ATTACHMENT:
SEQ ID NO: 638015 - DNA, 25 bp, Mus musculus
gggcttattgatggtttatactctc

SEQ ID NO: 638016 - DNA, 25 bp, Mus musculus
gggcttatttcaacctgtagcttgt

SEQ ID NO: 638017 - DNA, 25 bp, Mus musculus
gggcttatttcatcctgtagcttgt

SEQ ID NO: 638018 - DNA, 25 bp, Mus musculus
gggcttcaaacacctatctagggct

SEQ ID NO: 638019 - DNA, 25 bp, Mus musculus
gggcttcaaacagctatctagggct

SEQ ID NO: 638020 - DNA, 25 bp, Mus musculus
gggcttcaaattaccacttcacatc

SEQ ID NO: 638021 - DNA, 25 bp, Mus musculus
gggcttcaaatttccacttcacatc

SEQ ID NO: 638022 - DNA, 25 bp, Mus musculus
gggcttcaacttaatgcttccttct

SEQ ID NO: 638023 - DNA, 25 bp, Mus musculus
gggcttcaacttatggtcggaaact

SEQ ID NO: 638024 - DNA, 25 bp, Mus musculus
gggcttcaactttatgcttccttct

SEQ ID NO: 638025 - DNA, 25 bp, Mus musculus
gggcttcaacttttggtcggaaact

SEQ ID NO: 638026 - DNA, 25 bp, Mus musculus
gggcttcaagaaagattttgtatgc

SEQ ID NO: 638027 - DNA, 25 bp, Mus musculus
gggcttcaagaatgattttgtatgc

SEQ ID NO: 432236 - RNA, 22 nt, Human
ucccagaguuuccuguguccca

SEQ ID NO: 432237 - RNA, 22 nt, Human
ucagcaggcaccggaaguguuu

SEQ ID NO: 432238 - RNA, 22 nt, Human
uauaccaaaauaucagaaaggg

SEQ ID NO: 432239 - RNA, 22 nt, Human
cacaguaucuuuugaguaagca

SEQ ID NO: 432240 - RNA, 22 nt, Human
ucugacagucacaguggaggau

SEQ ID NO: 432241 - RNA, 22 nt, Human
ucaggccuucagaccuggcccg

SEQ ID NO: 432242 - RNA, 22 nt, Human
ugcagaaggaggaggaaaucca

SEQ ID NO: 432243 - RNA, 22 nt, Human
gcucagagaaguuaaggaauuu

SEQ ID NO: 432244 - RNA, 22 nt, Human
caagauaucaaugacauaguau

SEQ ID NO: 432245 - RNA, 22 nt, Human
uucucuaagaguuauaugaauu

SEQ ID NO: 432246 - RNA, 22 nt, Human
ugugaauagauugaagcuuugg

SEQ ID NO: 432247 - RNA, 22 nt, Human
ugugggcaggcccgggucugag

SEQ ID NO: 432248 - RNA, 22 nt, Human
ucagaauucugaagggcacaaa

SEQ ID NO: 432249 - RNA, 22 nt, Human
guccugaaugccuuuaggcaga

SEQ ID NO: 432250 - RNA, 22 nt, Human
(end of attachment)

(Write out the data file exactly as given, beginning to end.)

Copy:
SEQ ID NO: 638015 - DNA, 25 bp, Mus musculus
gggcttattgatggtttatactctc

SEQ ID NO: 638016 - DNA, 25 bp, Mus musculus
gggcttatttcaacctgtagcttgt

SEQ ID NO: 638017 - DNA, 25 bp, Mus musculus
gggcttatttcatcctgtagcttgt

SEQ ID NO: 638018 - DNA, 25 bp, Mus musculus
gggcttcaaacacctatctagggct

SEQ ID NO: 638019 - DNA, 25 bp, Mus musculus
gggcttcaaacagctatctagggct

SEQ ID NO: 638020 - DNA, 25 bp, Mus musculus
gggcttcaaattaccacttcacatc

SEQ ID NO: 638021 - DNA, 25 bp, Mus musculus
gggcttcaaatttccacttcacatc

SEQ ID NO: 638022 - DNA, 25 bp, Mus musculus
gggcttcaacttaatgcttccttct

SEQ ID NO: 638023 - DNA, 25 bp, Mus musculus
gggcttcaacttatggtcggaaact

SEQ ID NO: 638024 - DNA, 25 bp, Mus musculus
gggcttcaactttatgcttccttct

SEQ ID NO: 638025 - DNA, 25 bp, Mus musculus
gggcttcaacttttggtcggaaact

SEQ ID NO: 638026 - DNA, 25 bp, Mus musculus
gggcttcaagaaagattttgtatgc

SEQ ID NO: 638027 - DNA, 25 bp, Mus musculus
gggcttcaagaatgattttgtatgc

SEQ ID NO: 432236 - RNA, 22 nt, Human
ucccagaguuuccuguguccca

SEQ ID NO: 432237 - RNA, 22 nt, Human
ucagcaggcaccggaaguguuu

SEQ ID NO: 432238 - RNA, 22 nt, Human
uauaccaaaauaucagaaaggg

SEQ ID NO: 432239 - RNA, 22 nt, Human
cacaguaucuuuugaguaagca

SEQ ID NO: 432240 - RNA, 22 nt, Human
ucugacagucacaguggaggau

SEQ ID NO: 432241 - RNA, 22 nt, Human
ucaggccuucagaccuggcccg

SEQ ID NO: 432242 - RNA, 22 nt, Human
ugcagaaggaggaggaaaucca

SEQ ID NO: 432243 - RNA, 22 nt, Human
gcucagagaaguuaaggaauuu

SEQ ID NO: 432244 - RNA, 22 nt, Human
caagauaucaaugacauaguau

SEQ ID NO: 432245 - RNA, 22 nt, Human
uucucuaagaguuauaugaauu

SEQ ID NO: 432246 - RNA, 22 nt, Human
ugugaauagauugaagcuuugg

SEQ ID NO: 432247 - RNA, 22 nt, Human
ugugggcaggcccgggucugag

SEQ ID NO: 432248 - RNA, 22 nt, Human
ucagaauucugaagggcacaaa

SEQ ID NO: 432249 - RNA, 22 nt, Human
guccugaaugccuuuaggcaga

SEQ ID NO: 432250 - RNA, 22 nt, Human